It’s an especially challenging time for a writer to get their book published via the traditional route these days. And so, many aspiring authors trying to snag a literary agent or get a publisher’s attention are turning to independent book editors to give their manuscript an extra edge in the extremely competitive and crowded marketplace.
Ramona DeFelice Long, an independent book editor and author herself, kindly stopped by to shine some light on typical problems she sees in first drafts and how one-on-one feedback from a book editor can help shape a promising diamond in the rough into a polished manuscript ready for submission.
Q. What are the most common mistakes you see in manuscripts you edit?
Ramona DeFelice Long: I hear time and time again, from agents and publishers, that writers send their pages out too soon. I agree with this. Writers need patience, and that means putting the manuscript aside, or sending it to an editor, before hitting Send too soon.
Many manuscripts are not put through a rigorous mill of grammar and spelling, or fact checked, double checked, and triple checked for loose ends, inconsistencies, logic or fact errors.
Overwriting, which is showing every move the character makes. My favorite line about that is, “Every character eats, sleeps, and goes to the bathroom, but that doesn’t mean I want to read about it.” Learning what to skip is important. Closely related to this is over-explaining. Trust the reader.
More specifically, for mysteries: Forcing the mystery. That means, someone dies and a character immediately jumps to the conclusion that it is foul play, with nothing in the manuscript, yet, to support that leap. Also, errors in laws and police procedures. Nothing is more disturbing than watching an author make a cop commit a felony! A hooky opening that doesn’t match or relate to the rest of the manuscript.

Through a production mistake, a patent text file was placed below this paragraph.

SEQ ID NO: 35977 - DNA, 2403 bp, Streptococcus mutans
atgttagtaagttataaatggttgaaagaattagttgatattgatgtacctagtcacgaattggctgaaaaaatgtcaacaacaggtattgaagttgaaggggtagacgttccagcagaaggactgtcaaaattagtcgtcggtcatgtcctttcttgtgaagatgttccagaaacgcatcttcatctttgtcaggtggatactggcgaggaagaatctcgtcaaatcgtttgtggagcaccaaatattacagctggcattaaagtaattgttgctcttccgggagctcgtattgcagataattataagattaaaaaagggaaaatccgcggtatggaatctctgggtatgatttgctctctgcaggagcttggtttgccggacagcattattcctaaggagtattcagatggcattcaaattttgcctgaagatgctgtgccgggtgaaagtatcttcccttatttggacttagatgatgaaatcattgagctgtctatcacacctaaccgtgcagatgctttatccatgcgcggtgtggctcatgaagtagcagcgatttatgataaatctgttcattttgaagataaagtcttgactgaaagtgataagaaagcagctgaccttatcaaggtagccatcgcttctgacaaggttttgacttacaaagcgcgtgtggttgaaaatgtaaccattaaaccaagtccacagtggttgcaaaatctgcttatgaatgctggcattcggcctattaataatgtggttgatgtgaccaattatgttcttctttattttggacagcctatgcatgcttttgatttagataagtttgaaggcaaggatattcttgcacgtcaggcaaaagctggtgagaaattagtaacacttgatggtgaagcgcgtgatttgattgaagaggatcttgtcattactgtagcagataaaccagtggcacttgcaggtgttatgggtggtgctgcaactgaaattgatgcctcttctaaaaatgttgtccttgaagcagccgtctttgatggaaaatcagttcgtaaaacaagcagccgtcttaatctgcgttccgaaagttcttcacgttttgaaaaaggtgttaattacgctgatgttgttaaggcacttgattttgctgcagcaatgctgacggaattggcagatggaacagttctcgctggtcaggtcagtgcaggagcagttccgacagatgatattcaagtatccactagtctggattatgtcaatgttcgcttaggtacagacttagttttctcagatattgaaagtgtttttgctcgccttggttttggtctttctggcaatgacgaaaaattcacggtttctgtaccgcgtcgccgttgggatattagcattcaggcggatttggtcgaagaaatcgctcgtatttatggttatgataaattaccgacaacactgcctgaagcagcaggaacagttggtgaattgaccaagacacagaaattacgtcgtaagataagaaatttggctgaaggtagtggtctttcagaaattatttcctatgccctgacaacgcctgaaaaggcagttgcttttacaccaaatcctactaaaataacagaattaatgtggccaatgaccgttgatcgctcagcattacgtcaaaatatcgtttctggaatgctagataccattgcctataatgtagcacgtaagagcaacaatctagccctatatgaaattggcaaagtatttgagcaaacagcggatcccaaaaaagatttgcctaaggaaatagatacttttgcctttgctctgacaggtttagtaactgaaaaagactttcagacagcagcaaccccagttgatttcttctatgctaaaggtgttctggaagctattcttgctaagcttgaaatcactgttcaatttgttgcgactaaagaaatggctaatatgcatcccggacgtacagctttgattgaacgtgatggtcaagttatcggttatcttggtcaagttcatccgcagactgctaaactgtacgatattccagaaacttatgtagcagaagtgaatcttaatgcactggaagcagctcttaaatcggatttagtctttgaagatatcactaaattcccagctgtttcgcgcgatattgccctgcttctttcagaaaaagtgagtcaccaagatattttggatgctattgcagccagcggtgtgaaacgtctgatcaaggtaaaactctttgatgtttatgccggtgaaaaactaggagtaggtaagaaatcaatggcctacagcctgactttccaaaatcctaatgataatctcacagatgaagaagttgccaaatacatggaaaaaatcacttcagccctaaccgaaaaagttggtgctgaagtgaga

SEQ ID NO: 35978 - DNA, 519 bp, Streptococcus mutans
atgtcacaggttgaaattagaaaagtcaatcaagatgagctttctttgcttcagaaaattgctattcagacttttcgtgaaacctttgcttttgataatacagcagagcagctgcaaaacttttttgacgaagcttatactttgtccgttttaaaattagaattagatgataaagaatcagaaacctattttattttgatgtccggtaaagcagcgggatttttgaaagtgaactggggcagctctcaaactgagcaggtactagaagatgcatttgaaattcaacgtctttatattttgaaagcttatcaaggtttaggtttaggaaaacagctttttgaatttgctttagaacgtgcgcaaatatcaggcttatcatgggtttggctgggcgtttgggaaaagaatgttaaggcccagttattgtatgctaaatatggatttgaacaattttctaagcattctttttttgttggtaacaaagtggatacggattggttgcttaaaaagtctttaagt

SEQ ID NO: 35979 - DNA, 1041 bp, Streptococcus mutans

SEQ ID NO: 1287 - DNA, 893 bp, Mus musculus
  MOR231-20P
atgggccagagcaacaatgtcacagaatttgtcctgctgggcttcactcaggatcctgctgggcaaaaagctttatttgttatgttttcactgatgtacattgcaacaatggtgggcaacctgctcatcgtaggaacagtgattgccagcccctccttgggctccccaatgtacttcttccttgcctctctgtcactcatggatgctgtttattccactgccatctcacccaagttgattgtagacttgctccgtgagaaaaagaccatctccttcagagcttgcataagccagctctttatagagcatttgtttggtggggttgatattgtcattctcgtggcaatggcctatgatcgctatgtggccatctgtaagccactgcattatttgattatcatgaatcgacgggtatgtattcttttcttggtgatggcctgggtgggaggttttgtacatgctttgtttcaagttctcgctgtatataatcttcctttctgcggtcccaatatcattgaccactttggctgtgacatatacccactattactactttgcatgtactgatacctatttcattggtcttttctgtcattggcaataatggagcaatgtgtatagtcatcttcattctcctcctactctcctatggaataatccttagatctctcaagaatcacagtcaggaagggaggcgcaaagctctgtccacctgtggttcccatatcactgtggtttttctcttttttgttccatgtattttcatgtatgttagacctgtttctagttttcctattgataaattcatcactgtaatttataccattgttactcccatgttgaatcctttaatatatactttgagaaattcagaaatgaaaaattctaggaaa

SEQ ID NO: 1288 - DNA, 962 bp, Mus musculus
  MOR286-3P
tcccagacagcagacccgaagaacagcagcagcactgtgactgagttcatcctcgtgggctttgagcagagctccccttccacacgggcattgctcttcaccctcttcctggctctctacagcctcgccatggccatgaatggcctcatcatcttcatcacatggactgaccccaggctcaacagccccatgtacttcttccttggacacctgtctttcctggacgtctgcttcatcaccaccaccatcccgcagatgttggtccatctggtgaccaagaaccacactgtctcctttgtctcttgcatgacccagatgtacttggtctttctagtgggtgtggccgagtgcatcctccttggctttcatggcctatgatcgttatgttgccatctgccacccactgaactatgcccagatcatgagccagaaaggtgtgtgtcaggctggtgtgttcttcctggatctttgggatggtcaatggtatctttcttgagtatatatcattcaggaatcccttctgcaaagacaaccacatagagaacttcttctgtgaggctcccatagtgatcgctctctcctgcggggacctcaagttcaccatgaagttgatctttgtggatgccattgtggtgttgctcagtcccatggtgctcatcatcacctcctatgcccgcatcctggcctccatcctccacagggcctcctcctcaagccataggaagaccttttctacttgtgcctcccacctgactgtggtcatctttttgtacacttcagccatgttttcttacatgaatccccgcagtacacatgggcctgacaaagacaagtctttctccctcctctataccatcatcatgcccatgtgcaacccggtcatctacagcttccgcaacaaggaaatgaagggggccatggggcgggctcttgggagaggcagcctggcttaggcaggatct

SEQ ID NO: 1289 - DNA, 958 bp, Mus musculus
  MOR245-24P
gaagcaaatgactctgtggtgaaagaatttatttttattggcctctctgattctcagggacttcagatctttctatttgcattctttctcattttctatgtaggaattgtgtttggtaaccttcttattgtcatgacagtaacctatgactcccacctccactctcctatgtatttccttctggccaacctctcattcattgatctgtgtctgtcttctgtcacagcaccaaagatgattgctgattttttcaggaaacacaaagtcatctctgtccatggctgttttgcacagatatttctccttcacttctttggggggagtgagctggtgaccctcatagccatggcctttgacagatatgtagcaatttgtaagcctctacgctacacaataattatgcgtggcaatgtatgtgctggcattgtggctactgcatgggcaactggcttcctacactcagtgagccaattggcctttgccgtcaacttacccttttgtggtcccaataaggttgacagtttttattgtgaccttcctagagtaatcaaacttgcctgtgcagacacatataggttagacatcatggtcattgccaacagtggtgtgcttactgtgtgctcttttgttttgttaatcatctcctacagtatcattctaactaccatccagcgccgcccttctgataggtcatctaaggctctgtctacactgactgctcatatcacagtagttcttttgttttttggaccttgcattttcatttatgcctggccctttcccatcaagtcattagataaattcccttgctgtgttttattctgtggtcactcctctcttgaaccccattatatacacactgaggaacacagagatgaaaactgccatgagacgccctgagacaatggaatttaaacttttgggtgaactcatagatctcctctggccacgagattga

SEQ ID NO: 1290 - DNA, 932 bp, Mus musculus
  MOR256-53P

Smaller items: POV slips. Too much backstory in an opening. Clichéd characters. Clichés in general.
Q: Editorial feedback can be hard to take—even if an author has requested it. How do most authors react to your critiques?
RDL: The vast majority of my clients come through word of mouth, or through working with me in an anthology or online course. So, I have to assume my authors are okay with my work! On my website, I make it clear that my philosophy is to aid the author in telling his/her own story. My name is not on the story; the author is the creator. My job is to make the story stronger. But the nature of an edit is to be critical, and yes that can be painful. I would say many of my clients have a “shaken but stirred” reaction. They may cringe through what seems like a litany of weaknesses, but in the end—I hope!—they are motivated to dive in, newly charged and with new ideas.
It’s never fun to have your work evaluated line by line by line, and the weaknesses pointed out. That’s what an edit does. However, I am careful in how I comment. A comment like “This doesn’t work. Fix it.” is as useless as “I liked it.” It is important for an editor to point out the WHY. Why doesn’t this work? Why do I like this? When something isn’t working, I offer suggestions in what I call teachable comments. I couch suggestions as “what about” or “think about” or “maybe” so the author can consider more than one remedy or approach.